In Print – Education needed for higher speed limits
By Kay Layne, QMI Agency
Sometimes you just want to get from “A” to “B” in the least amount of time. The Texas Department of Transportation is in the process of raising the speed limit on a stretch of highway in Austin to 85 mph (136.8 km/h). That would make it the fastest in North America and one of the fastest stretches in the world (outside of some 140 km/h motorways in Eastern Europe and the U.A.E., some 150 km/h Autostrade in Italy and, of course, German Autobahns that have sections with no speed limits.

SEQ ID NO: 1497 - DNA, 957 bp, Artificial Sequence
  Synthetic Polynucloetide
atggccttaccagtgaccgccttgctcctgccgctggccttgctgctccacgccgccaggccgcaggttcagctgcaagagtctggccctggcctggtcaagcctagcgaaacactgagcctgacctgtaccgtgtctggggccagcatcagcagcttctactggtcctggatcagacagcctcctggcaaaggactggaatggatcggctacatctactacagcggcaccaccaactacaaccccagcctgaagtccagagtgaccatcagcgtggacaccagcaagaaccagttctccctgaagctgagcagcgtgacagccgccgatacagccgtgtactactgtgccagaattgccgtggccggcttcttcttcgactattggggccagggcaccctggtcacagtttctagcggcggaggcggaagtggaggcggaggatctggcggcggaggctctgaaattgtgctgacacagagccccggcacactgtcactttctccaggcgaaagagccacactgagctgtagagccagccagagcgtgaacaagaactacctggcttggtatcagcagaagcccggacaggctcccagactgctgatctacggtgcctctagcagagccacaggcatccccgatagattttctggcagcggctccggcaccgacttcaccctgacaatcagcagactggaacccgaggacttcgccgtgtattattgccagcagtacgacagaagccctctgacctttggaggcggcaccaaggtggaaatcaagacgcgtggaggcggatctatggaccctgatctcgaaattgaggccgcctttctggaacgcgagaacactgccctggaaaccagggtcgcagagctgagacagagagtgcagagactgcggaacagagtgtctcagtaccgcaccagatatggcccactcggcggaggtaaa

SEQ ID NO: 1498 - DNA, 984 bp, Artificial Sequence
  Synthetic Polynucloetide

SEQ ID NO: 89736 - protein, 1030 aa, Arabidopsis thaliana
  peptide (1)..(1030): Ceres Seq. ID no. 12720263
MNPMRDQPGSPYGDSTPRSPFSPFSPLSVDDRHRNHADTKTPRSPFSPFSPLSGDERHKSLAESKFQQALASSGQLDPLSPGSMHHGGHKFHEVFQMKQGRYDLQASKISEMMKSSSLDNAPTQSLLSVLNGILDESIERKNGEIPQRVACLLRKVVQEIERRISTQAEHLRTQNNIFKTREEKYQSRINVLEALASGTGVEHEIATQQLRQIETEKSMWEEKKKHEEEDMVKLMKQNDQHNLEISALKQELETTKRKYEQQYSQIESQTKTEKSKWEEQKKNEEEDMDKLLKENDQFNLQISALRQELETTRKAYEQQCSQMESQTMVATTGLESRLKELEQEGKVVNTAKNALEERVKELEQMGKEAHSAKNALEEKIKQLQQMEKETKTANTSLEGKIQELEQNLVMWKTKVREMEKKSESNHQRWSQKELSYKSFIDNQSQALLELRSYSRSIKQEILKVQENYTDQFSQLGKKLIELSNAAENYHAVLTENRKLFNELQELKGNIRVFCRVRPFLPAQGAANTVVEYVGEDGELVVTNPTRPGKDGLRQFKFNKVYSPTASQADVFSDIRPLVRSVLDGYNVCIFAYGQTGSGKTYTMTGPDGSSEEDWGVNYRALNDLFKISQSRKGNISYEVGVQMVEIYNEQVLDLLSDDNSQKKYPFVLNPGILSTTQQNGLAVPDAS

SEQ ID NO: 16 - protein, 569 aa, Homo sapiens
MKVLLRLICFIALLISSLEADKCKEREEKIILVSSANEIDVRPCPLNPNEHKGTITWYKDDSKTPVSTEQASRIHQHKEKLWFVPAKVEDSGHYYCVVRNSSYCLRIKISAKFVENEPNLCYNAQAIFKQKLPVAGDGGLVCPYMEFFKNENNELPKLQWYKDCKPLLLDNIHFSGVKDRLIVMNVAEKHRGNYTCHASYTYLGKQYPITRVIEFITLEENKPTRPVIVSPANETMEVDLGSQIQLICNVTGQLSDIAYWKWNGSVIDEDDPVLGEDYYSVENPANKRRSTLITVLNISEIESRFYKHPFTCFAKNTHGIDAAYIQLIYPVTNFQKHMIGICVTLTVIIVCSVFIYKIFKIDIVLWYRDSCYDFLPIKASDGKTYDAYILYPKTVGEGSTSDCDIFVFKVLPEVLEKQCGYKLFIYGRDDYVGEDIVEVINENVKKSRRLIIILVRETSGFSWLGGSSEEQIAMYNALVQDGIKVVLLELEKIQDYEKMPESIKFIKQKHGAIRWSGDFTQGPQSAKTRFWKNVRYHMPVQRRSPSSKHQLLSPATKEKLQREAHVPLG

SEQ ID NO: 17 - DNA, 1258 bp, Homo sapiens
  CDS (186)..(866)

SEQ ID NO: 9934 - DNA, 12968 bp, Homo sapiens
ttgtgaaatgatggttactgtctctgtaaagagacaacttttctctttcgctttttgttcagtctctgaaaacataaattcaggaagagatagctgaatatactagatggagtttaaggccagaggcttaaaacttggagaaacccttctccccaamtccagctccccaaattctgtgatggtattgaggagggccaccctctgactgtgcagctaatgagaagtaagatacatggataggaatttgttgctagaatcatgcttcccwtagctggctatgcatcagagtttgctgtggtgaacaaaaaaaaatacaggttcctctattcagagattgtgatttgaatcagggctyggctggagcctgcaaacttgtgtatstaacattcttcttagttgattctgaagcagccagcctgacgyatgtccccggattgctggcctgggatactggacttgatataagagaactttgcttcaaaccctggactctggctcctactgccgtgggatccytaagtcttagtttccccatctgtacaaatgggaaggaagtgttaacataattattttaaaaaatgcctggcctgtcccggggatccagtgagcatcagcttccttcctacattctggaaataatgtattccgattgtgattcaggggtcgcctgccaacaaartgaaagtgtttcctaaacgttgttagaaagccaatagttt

The speed demon inside of me feels that outside of the city core 140 km/h does not seem unreasonably fast. There was a group in Ontario – Stop100.ca – that tried to get the Ministry of Transportation to raise the speed limits to 120 km/h, claiming that excessive speed only accounts for 6.6 per cent of all traffic fatalities and that increased speeds would not decrease highway safety. They also state that 100 km/h is one of the slowest limits in the world. Most of Europe and parts of the states have highway limits of 120 km/h. However Transportation Minister Bob Chiarelli would not even entertain the idea stating that “Ontario has the safest roads in North America and we want to keep it that way.”
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